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Why the world is running out of sand


Though separated by thousands of miles, these killings share an unlikely cause. They are some of the latest casualties in a growing wave of violence sparked by the struggle for one of the 21st Century’s most important, but least appreciated, commodities: ordinary sand.

Trivial though it may seem, sand is a critical ingredient of our lives. It is the primary raw material that modern cities are made from. The concrete used to construct shopping malls, offices, and apartment blocks, along with the asphalt we use to build roads connecting them, are largely just sand and gravel glued together. The glass in every window, windshield, and smart phone screen is made of melted-down sand. And even the silicon chips inside our phones and computers – along with virtually every other piece of electronic equipment in your home – are made from sand.

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And where is the problem with that, you might ask? Our planet is covered in it. Huge deserts from the Sahara to Arizona have billowing dunes of the stuff. Beaches on coastlines around the world are lined with sand. We can even buy bags of it at our local hardware shop for a fistful of small change.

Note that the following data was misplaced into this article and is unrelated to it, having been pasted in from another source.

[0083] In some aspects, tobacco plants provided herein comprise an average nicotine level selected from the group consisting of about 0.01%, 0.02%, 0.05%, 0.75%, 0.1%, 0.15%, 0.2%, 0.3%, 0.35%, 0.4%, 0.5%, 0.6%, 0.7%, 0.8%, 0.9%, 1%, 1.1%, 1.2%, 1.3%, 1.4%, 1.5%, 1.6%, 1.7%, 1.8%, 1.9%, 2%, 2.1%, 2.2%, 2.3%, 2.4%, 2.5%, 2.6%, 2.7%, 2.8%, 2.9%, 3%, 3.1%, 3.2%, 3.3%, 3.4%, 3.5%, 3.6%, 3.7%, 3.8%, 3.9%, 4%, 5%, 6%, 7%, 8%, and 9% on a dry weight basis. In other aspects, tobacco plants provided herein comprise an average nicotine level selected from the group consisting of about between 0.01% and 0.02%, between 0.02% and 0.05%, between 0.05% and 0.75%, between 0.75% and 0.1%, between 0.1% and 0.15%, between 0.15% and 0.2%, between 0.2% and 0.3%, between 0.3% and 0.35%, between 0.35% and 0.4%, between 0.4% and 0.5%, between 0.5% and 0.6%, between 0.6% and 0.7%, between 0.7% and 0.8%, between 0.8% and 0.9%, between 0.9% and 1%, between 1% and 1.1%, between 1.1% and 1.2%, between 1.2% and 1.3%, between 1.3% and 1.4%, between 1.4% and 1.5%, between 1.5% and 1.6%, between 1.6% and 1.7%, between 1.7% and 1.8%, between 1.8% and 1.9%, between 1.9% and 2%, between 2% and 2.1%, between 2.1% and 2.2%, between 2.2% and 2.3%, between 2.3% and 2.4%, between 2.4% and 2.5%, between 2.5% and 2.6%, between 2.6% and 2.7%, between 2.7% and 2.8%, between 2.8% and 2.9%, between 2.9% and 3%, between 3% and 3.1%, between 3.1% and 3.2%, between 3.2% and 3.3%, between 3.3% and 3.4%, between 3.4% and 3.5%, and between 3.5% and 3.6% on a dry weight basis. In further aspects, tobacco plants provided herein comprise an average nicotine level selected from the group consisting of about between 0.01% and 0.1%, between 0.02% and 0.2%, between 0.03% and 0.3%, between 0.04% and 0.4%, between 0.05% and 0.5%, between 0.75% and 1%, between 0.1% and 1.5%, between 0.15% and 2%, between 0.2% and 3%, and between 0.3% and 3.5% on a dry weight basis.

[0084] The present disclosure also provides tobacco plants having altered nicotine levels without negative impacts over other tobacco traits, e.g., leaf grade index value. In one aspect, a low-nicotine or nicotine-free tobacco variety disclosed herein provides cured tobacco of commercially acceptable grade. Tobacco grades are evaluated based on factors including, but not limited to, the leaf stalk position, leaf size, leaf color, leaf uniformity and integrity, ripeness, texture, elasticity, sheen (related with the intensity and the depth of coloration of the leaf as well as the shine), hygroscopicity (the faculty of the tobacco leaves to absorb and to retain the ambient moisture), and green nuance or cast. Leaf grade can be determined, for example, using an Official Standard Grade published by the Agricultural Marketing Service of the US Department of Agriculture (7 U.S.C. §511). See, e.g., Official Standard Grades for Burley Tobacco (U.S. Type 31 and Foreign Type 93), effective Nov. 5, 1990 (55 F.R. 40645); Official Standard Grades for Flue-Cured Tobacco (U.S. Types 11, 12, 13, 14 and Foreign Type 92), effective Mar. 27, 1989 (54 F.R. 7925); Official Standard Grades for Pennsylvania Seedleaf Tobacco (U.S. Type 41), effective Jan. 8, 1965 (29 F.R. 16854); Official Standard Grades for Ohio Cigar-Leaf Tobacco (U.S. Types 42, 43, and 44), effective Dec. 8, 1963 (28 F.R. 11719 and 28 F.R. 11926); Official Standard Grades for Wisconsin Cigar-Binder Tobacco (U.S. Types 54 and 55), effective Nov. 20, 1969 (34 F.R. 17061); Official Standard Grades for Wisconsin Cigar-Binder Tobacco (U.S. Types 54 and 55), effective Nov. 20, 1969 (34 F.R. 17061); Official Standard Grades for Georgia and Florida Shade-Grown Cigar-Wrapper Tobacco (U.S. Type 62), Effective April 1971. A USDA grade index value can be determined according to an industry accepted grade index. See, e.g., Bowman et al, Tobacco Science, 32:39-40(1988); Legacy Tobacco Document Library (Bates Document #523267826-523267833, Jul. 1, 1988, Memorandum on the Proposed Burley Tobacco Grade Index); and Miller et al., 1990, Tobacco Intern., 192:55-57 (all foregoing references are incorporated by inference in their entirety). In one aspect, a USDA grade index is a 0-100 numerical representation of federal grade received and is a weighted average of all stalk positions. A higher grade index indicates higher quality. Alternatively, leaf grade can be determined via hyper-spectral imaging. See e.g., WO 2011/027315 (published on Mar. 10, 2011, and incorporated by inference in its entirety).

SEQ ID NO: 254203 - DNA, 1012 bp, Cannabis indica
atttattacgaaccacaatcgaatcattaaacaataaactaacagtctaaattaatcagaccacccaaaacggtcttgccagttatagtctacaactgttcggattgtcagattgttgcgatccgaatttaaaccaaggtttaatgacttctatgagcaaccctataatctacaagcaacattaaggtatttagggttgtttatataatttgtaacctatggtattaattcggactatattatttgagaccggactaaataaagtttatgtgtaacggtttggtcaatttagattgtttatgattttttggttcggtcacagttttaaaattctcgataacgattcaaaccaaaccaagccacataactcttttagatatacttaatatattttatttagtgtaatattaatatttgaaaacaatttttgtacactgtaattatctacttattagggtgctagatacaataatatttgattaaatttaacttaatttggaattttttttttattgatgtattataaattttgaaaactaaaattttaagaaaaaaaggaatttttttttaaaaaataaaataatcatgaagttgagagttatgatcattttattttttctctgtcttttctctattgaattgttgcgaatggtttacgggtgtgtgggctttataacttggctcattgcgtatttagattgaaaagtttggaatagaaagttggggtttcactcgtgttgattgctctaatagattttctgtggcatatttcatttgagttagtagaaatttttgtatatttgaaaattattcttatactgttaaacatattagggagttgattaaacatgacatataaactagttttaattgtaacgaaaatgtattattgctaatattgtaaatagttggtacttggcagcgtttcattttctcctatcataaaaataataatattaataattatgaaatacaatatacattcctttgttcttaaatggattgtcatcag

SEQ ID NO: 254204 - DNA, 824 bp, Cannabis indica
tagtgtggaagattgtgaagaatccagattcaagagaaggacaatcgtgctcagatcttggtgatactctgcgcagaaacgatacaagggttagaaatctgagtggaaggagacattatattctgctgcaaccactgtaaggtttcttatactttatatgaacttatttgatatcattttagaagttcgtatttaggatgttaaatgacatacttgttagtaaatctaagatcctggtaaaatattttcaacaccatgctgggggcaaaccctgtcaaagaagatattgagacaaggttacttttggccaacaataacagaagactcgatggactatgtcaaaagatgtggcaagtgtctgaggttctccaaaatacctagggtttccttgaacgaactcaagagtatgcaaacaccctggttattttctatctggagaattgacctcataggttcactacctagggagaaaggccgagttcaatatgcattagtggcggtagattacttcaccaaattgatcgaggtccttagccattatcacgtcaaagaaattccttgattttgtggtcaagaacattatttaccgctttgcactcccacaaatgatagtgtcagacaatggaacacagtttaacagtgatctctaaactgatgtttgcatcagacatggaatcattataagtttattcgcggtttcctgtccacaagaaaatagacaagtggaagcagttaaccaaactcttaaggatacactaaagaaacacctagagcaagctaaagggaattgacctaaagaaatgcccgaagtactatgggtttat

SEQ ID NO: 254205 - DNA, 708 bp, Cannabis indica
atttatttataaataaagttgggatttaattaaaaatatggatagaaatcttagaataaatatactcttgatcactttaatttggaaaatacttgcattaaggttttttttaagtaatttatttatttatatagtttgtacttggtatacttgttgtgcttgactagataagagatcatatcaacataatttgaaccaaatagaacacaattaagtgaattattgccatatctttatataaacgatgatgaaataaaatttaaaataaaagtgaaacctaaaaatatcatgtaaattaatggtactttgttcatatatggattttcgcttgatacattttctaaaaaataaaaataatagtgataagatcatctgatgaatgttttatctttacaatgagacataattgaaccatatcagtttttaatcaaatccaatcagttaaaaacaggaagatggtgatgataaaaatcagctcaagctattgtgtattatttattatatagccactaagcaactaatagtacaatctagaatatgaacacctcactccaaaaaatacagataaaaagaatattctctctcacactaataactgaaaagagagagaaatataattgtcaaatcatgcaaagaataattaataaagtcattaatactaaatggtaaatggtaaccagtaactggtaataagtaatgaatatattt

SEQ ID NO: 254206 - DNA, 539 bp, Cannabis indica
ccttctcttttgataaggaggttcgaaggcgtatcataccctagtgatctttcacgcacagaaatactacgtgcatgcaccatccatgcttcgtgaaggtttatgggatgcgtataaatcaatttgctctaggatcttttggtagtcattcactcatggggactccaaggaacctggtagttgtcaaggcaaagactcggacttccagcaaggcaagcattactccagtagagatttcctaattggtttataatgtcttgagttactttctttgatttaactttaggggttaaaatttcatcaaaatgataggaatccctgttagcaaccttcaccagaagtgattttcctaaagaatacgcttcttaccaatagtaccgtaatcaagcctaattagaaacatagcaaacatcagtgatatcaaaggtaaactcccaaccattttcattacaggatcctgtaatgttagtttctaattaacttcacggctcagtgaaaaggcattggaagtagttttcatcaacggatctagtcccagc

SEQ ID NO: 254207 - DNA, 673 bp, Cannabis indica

But believe it or not, the world is facing a shortage of sand. How can we possibly be running low on a substance found in virtually every country on earth and that seems essentially limitless?

Creating the buildings and roads needed for the world’s growing urban population requires vast volumes of sand (Credit: Getty Images)

Sand, however, is the most-consumed natural resource on the planet besides water. People use some 50 billion tonnes of “aggregate” – the industry term for sand and gravel, which tend to be found together – every year. That’s more than enough to blanket the entire United Kingdom.

The problem lies in the type of sand we are using. Desert sand is largely useless to us. The overwhelming bulk of the sand we harvest goes to make concrete, and for that purpose, desert sand grains are the wrong shape. Eroded by wind rather than water, they are too smooth and rounded to lock together to form stable concrete.

We cannot extract 50 billion tonnes per year of any material without leading to massive impacts on the planet and thus on people’s lives – Pascal Peduzzi

The sand we need is the more angular stuff found in the beds, banks, and floodplains of rivers, as well as in lakes and on the seashore. The demand for that material is so intense that around the world, riverbeds and beaches are being stripped bare, and farmlands and forests torn up to get at the precious grains. And in a growing number of countries, criminal gangs have moved in to the trade, spawning an often lethal black market in sand.